Randomized Comparison of a 90 uF Capacitor Three-electrode Defibrillation System with a 125 uF Two-electrode Defibrillation System

Marwan Bahu, Bradley P. Knight, Raul Weiss, Stephen J. Hahn, Rajiva Goyal, Emile G. Daoud, K. Ching Man, Fred Morady, S. Adam Strickberger*

*Corresponding author for this work

Research output: Contribution to journalArticlepeer-review

3 Scopus citations


Introduction: A variety of factors, including the number of defibrillation electrodes and shocking capacitance, may influence the defibrillation efficacy of an implantable defibrillator system. Therefore, the purpose of this study was to compare the defibrillation energy requirement using a 125 uF two-electrode defibrillation system and a 90 uF three-electrode defibrillation system. Methods and Results: The defibrillation energy requirements measured with both systems were compared in 26 consecutive patients. The two-electrode system used a single transvenous lead with two defibrillation coils in conjunction with a biphasic waveform from a 125 uF capacitor. The three-electrode system used the same transvenous lead, utilized a pectoral implantable defibrillator generator shell as a third electrode, and delivered the identical biphasic waveform from a 90 uF capacitor. The two-electrode system was associated with a higher defibrillation energy requirement (10.8±5.5 J) than was the three-electrode system (8.9±6.7 J, p < 0.05), however, the leading edge voltage was not significantly different between systems (361±103 V vs. 397±123 V, P = 0.07). The two-electrode system also had a higher shocking resistance (49.0±9.0 ohms vs. 41.4±7.3 ohms, p < 0.001) and a lower peak current (7.7±2.6 A vs. 10.1±3.7 A, p < 0.001) than the three-electrode system. Conclusions: A three-electrode defibrillation system that utilizes a dual coil transvenous lead and a subcutaneous pectoral electrode with lower capacitance is associated with a lower defibrillation energy requirement than is a dual coil defibrillation system with higher capacitance. This finding suggests that the utilization of a pectoral generator as a defibrillation electrode in conjunction with smaller capacitors is a more effective defibrillation system and may allow for additional miniaturization of implantable defibrillators.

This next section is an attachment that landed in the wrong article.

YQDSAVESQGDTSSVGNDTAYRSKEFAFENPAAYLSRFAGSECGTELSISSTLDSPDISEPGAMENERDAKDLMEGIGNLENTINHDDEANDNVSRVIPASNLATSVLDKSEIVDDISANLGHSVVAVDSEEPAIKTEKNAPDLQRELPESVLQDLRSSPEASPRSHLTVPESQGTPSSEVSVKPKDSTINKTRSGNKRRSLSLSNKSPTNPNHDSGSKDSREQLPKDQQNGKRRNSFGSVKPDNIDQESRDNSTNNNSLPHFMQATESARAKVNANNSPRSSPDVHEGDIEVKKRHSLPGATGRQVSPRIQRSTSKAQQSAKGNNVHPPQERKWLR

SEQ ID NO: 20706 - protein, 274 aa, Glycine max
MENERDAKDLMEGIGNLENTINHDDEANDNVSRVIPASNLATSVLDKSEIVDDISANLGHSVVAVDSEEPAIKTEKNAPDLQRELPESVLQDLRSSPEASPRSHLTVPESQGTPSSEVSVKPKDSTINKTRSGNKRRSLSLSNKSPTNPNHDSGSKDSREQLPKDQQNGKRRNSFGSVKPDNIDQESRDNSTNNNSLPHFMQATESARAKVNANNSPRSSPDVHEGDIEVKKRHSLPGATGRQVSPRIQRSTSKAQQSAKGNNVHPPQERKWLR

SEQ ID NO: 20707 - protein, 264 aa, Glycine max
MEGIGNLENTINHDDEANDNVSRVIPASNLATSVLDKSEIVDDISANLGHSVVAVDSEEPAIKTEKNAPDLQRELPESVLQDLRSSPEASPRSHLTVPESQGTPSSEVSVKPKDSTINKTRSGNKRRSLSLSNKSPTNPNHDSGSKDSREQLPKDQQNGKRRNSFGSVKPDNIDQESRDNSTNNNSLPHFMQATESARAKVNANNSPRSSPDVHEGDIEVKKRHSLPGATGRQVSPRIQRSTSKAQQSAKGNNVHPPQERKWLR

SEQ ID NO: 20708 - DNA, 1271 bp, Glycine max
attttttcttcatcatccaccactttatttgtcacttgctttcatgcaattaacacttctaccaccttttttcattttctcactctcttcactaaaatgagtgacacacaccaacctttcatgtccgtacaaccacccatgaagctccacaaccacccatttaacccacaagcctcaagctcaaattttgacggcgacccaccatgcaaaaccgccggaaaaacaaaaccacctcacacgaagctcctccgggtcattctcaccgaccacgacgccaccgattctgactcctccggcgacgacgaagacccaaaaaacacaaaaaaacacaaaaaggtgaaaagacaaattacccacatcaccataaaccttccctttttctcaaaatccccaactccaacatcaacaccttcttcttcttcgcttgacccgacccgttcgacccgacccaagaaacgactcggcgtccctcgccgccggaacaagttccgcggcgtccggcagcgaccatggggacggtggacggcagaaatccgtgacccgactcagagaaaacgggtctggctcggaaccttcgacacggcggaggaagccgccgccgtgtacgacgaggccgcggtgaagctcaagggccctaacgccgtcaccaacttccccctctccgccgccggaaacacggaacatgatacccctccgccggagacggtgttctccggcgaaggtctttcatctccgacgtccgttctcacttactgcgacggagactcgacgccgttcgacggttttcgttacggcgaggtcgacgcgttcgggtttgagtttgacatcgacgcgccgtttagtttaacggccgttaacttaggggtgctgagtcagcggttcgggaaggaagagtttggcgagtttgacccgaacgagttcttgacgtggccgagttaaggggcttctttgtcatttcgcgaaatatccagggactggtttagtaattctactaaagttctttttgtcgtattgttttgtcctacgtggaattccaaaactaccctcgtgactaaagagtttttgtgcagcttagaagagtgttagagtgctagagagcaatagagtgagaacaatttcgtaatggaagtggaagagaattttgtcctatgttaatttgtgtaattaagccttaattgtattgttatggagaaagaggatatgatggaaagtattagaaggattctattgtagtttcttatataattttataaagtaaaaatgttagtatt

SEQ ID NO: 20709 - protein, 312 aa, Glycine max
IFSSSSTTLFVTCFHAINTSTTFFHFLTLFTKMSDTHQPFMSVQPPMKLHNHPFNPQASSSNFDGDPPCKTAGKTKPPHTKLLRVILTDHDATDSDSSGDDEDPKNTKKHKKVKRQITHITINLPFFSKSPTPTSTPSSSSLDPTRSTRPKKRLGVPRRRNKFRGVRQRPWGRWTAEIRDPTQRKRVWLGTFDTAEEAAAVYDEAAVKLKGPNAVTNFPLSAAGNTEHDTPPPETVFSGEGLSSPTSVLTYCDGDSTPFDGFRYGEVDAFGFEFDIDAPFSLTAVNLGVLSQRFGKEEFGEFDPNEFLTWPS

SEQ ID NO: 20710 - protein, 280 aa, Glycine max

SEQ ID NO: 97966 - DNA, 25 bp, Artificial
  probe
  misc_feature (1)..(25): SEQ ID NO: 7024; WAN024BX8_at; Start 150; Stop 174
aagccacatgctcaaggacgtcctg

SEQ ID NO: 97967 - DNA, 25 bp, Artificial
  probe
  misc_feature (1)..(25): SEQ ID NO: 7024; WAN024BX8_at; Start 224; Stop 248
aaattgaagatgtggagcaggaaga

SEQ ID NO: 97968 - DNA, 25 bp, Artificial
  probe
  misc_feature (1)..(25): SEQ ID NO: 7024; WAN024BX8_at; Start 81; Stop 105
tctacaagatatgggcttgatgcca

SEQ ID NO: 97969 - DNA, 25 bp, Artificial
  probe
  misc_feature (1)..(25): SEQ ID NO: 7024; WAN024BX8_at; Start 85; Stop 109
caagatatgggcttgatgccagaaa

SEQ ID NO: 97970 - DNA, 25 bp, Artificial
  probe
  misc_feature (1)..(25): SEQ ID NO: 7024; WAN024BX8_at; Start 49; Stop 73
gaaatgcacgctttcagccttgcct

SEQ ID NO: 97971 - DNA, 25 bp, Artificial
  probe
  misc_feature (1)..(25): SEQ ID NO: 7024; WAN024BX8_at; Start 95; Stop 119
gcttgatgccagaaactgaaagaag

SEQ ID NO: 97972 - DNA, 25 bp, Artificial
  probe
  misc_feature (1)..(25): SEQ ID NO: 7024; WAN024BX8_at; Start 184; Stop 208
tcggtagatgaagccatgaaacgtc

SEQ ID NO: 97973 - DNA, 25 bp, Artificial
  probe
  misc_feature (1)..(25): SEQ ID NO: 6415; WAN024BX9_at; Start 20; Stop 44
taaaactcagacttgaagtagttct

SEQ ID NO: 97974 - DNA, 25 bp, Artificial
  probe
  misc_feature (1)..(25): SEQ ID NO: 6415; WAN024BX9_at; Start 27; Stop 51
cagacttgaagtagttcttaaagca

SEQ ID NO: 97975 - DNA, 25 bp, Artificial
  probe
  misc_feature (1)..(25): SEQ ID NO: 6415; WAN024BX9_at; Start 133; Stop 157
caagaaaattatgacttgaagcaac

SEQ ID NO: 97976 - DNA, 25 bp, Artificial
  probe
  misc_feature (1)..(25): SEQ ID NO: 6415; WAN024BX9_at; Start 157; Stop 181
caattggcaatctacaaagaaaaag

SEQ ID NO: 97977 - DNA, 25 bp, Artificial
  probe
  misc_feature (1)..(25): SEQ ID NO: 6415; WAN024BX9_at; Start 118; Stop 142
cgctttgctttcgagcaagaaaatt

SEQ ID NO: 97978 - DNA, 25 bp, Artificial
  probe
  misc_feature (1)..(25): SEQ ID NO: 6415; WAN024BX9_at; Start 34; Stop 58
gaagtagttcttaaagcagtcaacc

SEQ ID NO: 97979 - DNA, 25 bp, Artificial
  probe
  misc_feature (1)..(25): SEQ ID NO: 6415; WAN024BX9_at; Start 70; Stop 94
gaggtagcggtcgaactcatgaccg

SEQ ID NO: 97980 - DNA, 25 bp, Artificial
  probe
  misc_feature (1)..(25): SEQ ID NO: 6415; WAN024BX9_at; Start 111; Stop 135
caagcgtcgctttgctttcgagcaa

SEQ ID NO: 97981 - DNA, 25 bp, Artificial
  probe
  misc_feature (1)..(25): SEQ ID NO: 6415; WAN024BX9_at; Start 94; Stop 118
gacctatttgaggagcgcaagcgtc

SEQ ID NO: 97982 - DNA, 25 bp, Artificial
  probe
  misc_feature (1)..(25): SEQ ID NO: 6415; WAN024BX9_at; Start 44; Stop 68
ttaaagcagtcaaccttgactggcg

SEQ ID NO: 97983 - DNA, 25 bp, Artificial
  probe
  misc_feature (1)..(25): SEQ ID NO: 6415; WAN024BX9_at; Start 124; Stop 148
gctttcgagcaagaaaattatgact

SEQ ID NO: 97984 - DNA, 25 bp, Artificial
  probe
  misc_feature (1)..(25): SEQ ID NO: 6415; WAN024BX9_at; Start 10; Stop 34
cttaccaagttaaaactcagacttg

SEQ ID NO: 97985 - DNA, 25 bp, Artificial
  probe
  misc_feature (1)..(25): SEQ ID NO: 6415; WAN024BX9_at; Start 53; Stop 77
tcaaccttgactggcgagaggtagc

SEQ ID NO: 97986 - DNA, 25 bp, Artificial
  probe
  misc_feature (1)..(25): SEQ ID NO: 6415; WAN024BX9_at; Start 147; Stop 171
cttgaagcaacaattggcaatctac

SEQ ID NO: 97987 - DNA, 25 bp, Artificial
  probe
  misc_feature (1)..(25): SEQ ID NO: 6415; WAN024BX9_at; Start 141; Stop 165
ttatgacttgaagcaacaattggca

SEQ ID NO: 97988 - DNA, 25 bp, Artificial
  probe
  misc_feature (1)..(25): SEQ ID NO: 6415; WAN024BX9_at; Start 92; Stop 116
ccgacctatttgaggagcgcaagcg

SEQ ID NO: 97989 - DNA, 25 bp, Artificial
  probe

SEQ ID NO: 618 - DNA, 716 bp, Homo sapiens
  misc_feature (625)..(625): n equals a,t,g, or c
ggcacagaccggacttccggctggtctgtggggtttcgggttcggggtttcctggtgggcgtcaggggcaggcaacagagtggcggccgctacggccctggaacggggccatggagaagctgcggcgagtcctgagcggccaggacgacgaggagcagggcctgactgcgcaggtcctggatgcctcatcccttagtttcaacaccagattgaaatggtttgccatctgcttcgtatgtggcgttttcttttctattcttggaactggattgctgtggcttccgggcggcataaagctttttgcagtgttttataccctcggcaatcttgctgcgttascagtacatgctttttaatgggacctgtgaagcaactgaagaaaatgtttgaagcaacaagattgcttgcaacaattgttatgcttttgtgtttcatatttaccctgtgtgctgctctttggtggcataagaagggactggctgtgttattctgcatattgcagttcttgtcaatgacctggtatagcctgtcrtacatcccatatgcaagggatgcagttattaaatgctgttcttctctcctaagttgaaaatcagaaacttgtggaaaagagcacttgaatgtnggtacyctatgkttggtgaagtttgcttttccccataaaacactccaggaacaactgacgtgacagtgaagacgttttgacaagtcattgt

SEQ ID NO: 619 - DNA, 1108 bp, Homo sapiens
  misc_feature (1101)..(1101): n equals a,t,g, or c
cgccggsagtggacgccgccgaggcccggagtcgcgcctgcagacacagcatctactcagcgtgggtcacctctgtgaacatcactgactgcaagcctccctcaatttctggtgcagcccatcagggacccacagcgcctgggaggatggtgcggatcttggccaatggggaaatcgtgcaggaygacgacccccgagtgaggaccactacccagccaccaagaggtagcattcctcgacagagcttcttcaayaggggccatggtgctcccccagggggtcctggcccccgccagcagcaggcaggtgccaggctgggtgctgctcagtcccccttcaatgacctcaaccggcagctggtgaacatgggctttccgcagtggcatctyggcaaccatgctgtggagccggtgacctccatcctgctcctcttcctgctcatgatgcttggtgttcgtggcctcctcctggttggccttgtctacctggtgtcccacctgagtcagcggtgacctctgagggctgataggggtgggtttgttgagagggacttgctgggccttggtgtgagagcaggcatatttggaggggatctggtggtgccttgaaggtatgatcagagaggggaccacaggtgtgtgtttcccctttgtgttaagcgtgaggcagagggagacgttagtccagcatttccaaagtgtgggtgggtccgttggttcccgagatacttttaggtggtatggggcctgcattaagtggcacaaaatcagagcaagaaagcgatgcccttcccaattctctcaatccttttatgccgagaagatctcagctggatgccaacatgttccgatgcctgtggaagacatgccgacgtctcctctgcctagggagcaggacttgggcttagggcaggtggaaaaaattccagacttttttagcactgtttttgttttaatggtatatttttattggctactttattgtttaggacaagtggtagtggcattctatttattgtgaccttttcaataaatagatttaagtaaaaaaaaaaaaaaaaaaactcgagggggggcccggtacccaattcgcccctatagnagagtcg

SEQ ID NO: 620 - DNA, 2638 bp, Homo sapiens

Original languageEnglish (US)
Pages (from-to)41-45
Number of pages5
JournalJournal of Interventional Cardiac Electrophysiology
Issue number1
StatePublished - Jan 1 1997


  • Defibrillation energy requirement
  • Defibrillation threshold
  • Implantable cardioverter-defibrillator

ASJC Scopus subject areas

  • Cardiology and Cardiovascular Medicine
  • Physiology (medical)


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